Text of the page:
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In this paper on path-integral quantization of Chern-Simons theory, on page 434 (equation 4.17), the authors used fermions to interpret wedge product and contractions of differential forms.

Let $M$ be a manifold, with local coordinate $x^{i}$. For any differential form $a\in\Omega(M)$, one has the operations

$$\psi^{i}:a\rightarrow dx^{i}\wedge a,$$

and

$$\chi_{j}: a\rightarrow a(\partial_{j}).$$

One has the Clifford algebra

$$\left\{\psi^{i},\chi_{j}\right\}=\delta^{i}_{j},\quad \left\{\psi^{i},\psi^{j}\right\}=\left\{\chi_{i},\chi_{j}\right\}=0$$

Define the Witten-index $(-1)^{F}$ as

$$(-1)^{F}:\omega\rightarrow(-1)^{q}w,\,\,\,\,\mathrm{for}\,\,\,\forall\omega\in\Omega^{q}(M).$$

Then one has the relation (equation 4.17)

$$\ast\psi^{i}\ast=(-1)^{F}\chi^{i},\quad\ast\chi^{i}\ast=\psi^{i}(-1)^{F}$$

where $\ast$ must be a Hodge star operator (I will assume that there is a Riemannian metric on $M$ so that $\ast^{2}=1$.)

Can anybody explain to me how to derive the relations (4.17)


I calculated this by myself but I cannot obtain the correct $(-1)^{F}$ factor.

Let $\omega\in\Omega^{q}(M)$ be a differential form on $M$. In local coordinates, one has

$$\omega=\frac{1}{q!}\omega_{i_{1}\cdots i_{q}}dx^{i_{1}}\wedge\cdots\wedge dx^{i_{q}}$$

Hodge star operator is defined as

$$\ast:\Omega^{q}(M)\rightarrow\Omega^{n-q}(M)$$

such that $\ast^{2}=1$.

One has

$$(\ast\omega)_{j_{1}\cdots j_{n-q}}=\frac{1}{q!}\epsilon^{i_{1}\cdots i_{q}}_{\qquad j_{1}\cdots j_{n-q}}\,\,\omega_{i_{1}\cdots i_{q}}$$

where the $\epsilon$ symbol is raised by the metric tensor. Therefore, one has

$$\ast\omega=\frac{1}{(n-q)!}\left(\frac{1}{q!}\epsilon^{i_{1}\cdots i_{q}}_{\qquad j_{1}\cdots j_{n-q}}\,\,\omega_{i_{1}\cdots i_{q}}\right)dx^{j_{1}}\wedge\cdots\wedge dx^{j_{n-q}}$$

Then, one has

$$\psi^{i}\ast\omega=dx^{i}\wedge\ast\omega$$

$$=\frac{1}{(n-q+1)!}\left(\frac{(n-q+1)!}{(n-q)!q!}\epsilon^{i_{1}\cdots i_{q}}_{\qquad j_{1}\cdots j_{n-q}}\,\,\omega_{i_{1}\cdots i_{q}}\right)dx^{i}\wedge dx^{j_{1}}\wedge\cdots\wedge dx^{j_{n-q}}$$

Applying the Hodge star operator again, one has

$$(\ast\psi^{i}\ast\omega)_{k_{1}\cdots k_{q-1}}=\frac{1}{(n-q+1)!}\epsilon^{ij_{1}\cdots j_{n-q}}_{\qquad\quad\,k_{1}\cdots k_{q-1}}(\psi^{i}\ast\omega)_{ij_{1}\cdots j_{n-q}}$$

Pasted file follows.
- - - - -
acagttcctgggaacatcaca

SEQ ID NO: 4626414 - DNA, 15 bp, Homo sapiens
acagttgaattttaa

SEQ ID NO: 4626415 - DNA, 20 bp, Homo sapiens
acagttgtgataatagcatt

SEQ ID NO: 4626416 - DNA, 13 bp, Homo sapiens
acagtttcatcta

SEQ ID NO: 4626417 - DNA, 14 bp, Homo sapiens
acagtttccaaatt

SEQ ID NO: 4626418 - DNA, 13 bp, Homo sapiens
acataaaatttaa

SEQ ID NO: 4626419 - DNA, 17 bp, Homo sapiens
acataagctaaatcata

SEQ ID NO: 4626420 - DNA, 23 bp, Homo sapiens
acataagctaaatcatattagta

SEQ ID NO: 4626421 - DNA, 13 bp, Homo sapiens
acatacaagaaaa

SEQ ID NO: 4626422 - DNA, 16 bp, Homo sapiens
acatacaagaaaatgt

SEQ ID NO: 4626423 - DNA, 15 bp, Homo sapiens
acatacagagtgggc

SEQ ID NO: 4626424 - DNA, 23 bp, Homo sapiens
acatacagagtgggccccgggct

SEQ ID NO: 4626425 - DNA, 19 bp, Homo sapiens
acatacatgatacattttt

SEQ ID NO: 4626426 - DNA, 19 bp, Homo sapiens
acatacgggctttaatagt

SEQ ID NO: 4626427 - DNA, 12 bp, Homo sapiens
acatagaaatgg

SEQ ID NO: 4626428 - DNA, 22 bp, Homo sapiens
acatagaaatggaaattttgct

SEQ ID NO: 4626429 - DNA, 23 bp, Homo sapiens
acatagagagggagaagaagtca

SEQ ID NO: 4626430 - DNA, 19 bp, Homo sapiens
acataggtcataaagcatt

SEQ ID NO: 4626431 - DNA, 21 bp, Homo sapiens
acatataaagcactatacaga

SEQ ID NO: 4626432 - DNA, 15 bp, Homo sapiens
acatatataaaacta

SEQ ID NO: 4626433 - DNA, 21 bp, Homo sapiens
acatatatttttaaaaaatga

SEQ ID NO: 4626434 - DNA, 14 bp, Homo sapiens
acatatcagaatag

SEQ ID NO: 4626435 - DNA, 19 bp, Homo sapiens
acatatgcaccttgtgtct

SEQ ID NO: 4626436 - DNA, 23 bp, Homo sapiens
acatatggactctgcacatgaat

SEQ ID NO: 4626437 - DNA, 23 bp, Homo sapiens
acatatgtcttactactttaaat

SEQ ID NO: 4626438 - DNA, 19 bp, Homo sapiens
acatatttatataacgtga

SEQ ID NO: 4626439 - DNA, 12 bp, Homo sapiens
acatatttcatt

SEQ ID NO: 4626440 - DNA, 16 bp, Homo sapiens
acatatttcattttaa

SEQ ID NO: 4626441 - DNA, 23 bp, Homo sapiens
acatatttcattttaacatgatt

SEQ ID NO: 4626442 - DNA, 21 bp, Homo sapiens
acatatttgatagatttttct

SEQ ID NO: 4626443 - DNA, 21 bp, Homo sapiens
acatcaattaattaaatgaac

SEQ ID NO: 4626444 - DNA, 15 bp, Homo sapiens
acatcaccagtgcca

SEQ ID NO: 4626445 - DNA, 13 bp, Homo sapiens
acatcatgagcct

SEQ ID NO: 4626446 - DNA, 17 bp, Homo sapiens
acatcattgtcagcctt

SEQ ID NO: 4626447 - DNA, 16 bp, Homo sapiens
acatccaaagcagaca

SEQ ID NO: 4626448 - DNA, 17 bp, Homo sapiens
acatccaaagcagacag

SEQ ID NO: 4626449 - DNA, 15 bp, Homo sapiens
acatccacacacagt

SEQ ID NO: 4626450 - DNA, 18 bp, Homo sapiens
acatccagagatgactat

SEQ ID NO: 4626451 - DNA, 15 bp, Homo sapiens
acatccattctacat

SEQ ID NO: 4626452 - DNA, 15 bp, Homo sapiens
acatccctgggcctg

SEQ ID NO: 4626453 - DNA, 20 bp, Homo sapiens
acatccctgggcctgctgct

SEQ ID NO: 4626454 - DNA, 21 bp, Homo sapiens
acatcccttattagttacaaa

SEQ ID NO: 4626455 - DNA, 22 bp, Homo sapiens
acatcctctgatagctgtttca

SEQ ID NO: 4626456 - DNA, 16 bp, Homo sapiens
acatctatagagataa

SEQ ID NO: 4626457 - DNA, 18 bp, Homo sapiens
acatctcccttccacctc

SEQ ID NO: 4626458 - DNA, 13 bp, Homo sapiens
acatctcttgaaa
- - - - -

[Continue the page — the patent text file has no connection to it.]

Thus, one has $$(\ast\psi^{i}\ast\omega)^{k_{1}\cdots k_{q-1}}=\frac{1}{(n-q)!q!}\epsilon^{ij_{1}\cdots j_{n-q}\,k_{1}\cdots k_{q-1}}\,\epsilon_{i_{1}\cdots i_{q}j_{1}\cdots j_{n-q}}\,\omega^{i_{1}\cdots i_{q}}$$

Rearranging indices of $\epsilon$ tensors, one has

$$\epsilon_{ij_{1}\cdots j_{n-q}\,k_{1}\cdots k_{q-1}}\epsilon^{i_{1}\cdots i_{q}j_{1}\cdots j_{n-q}}=(-1)^{(q-1)(n-q)}\epsilon_{ik_{1}\cdots k_{q-1}\,j_{1}\cdots j_{n-q}}\,\epsilon^{i_{1}\cdots i_{q}\,j_{1}\cdots j_{n-q}}$$

Using contraction rules of $\epsilon$ tensor, one has

$$\ast\psi^{i}\ast=(-1)^{(q-1)(n-q)}\chi^{i}$$

I expect to have $(-1)^{q}$. Where did I make mistakes?

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  • $\begingroup$ What's the definition of $*$? $\endgroup$ – AccidentalFourierTransform Nov 9 '18 at 22:03
  • $\begingroup$ I think it's just the usual Hodge star. $\endgroup$ – The Last Knight of Silk Road Nov 9 '18 at 22:11
  • $\begingroup$ The usual Hodge star acts on $\Omega$, not on $\mathrm{End}(\Omega)$. So there must be some explicit definition somewhere. $\endgroup$ – AccidentalFourierTransform Nov 9 '18 at 22:14
  • $\begingroup$ This hodge star here is acting on forms, not on the fermionic operators. $\endgroup$ – The Last Knight of Silk Road Nov 9 '18 at 22:16
  • $\begingroup$ Oh, so $*\psi*$ is actually $*\circ\psi\circ*$? That makes more sense. Have you tried acting with both sides on an arbitrary form? It shouldn't be too difficult. $\endgroup$ – AccidentalFourierTransform Nov 9 '18 at 22:18
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The calculation can be performed in a coordinate free manner.

I am following here: Walter Thirring: A course in mathematical physics 2: Classical field theory, especially page 14 section 1.2.16, where he defines contraction with respect to differential forms. (I am assuming flat Euclidean metric, this $**=1$)

In Thirring's notation the $\psi$ field is a wedge product with a one-form which I'll denote by $\nu\in \Omega^1$ to conform with the Thirring's notation; the $\chi$ field will be the contraction with $\nu$ denoted by $i_{\nu}$, which is the same as the contraction with the vector $g^{ij}\nu_j$ in coordinate notation.

Given $\omega \in \Omega^q$; then by using contractions with respect to forms, we have

$$*\omega = i_{\omega} \epsilon$$

where $\epsilon$ is the completely anti-symmetric tensor.

Thus $$i_{\nu}*\omega = i_{\nu}i_{\omega} \epsilon = i_{\omega \wedge \nu} \epsilon = (-1)^q i_{\nu\wedge \omega}\epsilon = (-1)^q *(\nu \wedge \omega) $$

Taking the hodge star of both sides, we obtain

$$*i_{\nu}*\omega = (-1)^q \nu \wedge \omega$$

Replacing $\omega$ by $*\omega$ in the original equality, we obtain:

$$*(\nu \wedge *\omega)= (-1)^q i_{\nu}\omega$$

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